Without veterans, the Fourth of July would have been just another day in our lives. In fact, without veterans, we may have sung “God Save The Queen” or another country’s anthem Thursday instead of the “Star Spangled Banner.” 

Because of the service and sacrifice of the armed forces over 243 years of America’s existence, they provide an important reason for Americans to celebrate our independence.

The DeSoto County Museum held a gathering Wednesday night before the start of the Fourth of July holiday to honor what has been done by the county’s service men and women through the years.

“We’re here for the singular purpose of honoring our heroes,” said museum curator Robert Long before the group that filled the main entry area to the facility on Commerce Street in Hernando.

“We want to honor them before their voices are no longer with us. We want you to hear from them. These people sacrificed for us, and we are free because of them.”

As part of that statement, Long encouraged all to take a moment and sit down to hear the stories of DeSoto County veterans. He said the museum had plans to include recordings of those who served in the armed forces from the county, saying the contributions were as easy as recording their stories into a smartphone or voice recorder and then sending it on to him through an email to desotocountymuseum@gmail.com or through a text to his cell phone.

There already is a veterans’ exhibit at the county museum that dates through the beginnings of DeSoto County. Long wants the recordings to provide an interactive future addendum to the exhibit displays.

As part of the Wednesday program, two couples and one individual were especially noted for what they have done to remember the contributions of the military and naval service, and also county law enforcement. They were awarded museum Spirit Awards for what they have done.

Among those honored Wednesday evening were R.G. and Diane Moore. The couple were the driving force behind the establishment of the DeSoto County Veterans Park, which surrounds a pond in front of the county Visitors Center near the Landers Center in Southaven.

They also were involved in caring for a small rural cemetery in the county where as many as 90 veterans are buried.

“These two are to be found saluting veterans,” Long said of the Moores. “They do it because they love our veterans. All branches of the military are represented at the park. They worked tirelessly selling bricks with the names of the veterans that fought and died for our country.”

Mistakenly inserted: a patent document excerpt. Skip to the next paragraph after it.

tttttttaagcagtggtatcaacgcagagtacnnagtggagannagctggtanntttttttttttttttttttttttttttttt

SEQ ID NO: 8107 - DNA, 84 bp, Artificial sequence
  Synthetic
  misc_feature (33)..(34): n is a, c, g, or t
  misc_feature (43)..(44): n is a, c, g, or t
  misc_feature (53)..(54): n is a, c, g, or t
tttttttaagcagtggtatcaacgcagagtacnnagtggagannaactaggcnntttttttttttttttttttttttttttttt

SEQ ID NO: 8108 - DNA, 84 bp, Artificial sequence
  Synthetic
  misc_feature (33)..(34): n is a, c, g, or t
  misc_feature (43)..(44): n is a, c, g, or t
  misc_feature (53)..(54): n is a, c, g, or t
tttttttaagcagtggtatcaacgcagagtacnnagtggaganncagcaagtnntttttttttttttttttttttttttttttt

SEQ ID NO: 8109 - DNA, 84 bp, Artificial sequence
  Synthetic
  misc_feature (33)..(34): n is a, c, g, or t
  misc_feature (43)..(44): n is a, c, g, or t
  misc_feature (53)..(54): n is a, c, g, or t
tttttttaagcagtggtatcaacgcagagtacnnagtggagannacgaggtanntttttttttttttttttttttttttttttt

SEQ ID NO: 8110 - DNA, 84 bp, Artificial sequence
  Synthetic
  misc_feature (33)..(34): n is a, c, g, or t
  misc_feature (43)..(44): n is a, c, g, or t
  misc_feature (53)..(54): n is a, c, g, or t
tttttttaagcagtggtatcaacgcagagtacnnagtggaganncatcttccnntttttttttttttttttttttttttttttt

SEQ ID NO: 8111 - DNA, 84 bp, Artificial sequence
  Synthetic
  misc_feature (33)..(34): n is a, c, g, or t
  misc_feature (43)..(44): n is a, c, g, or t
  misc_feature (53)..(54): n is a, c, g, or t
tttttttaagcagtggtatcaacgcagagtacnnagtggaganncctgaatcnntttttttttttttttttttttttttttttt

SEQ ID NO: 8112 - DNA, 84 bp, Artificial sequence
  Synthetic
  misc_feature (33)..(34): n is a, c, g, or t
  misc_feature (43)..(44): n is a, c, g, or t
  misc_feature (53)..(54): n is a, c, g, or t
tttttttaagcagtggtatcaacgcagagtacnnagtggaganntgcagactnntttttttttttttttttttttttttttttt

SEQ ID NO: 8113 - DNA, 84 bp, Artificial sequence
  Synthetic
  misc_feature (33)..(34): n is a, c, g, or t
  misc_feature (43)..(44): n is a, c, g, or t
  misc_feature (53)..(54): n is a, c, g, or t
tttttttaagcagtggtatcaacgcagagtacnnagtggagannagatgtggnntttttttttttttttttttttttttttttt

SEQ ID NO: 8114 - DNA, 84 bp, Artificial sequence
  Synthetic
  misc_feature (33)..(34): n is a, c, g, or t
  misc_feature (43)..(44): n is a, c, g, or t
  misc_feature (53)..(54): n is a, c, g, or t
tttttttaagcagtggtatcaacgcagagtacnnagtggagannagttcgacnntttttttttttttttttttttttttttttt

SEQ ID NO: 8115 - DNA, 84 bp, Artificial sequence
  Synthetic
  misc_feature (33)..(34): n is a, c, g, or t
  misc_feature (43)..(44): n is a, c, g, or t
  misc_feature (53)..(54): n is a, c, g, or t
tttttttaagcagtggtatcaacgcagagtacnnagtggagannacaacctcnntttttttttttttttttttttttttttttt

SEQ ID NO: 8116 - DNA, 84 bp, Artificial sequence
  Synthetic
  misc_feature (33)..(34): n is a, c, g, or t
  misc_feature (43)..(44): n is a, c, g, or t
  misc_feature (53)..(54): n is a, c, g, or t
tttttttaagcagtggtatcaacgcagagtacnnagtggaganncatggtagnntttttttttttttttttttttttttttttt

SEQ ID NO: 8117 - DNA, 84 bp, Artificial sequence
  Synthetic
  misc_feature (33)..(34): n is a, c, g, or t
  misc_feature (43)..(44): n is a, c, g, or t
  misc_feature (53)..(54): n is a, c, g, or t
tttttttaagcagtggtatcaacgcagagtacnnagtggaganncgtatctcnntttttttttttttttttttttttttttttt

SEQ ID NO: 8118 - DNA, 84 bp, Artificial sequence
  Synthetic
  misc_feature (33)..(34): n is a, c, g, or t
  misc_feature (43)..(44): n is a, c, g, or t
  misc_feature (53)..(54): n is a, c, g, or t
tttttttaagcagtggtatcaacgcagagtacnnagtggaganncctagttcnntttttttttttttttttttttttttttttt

Another winner of the museum’s Spirit Award was DeSoto County Sheriff Bill Rasco, who Long said was honored because of the support put forth to the Fallen Heroes Memorial for law enforcement and first responders that stands on the Courthouse Square in Hernando.

“They may not be in a military uniform,” Long noted. “But they are on the front lines of the war today, a war between right and wrong, against civility and incivility. Sheriff Rasco has served our county well in honoring our law enforcement officers.”

The other couple presented with the museum honor was Randy Martin and Carolyn Young, who Long said are very involved in the Veterans Parade held in Hernando each year.

Long said the museum plans to offer Spirit Awards each year.

The other part of the Wednesday program was to hear stories from DeSoto County veterans. John Caldwell, Olin Pickens and William Spencer all talked about their respective military experience.

Pickens, considered one of the county’s oldest living veterans at age 97, briefly related about his time in a German prison war camp after his capture by the Nazis on what he said would be a suicide mission.

Spencer told about his experiences in the Pacific Theater of World War II in Okinawa and Iwo Jima.

Caldwell began his military career enlisting in the Marine reserves in 1981. While working his way through college he entered the officer program and experienced combat as an infantry platoon commander in Desert Storm and again during two tours in support of Operation Enduring Freedom and Iraqi Freedom.

At the end of the program, Long reiterated the museum’s desire to get the stories of veterans from the county for its future.

“Displays are wonderful, but it’s about the people,” Long said. “It is their sacrifice, and we are honor bound to record them and remember.”

Bob Bakken is Managing Editor for the DeSoto Times-Tribune.

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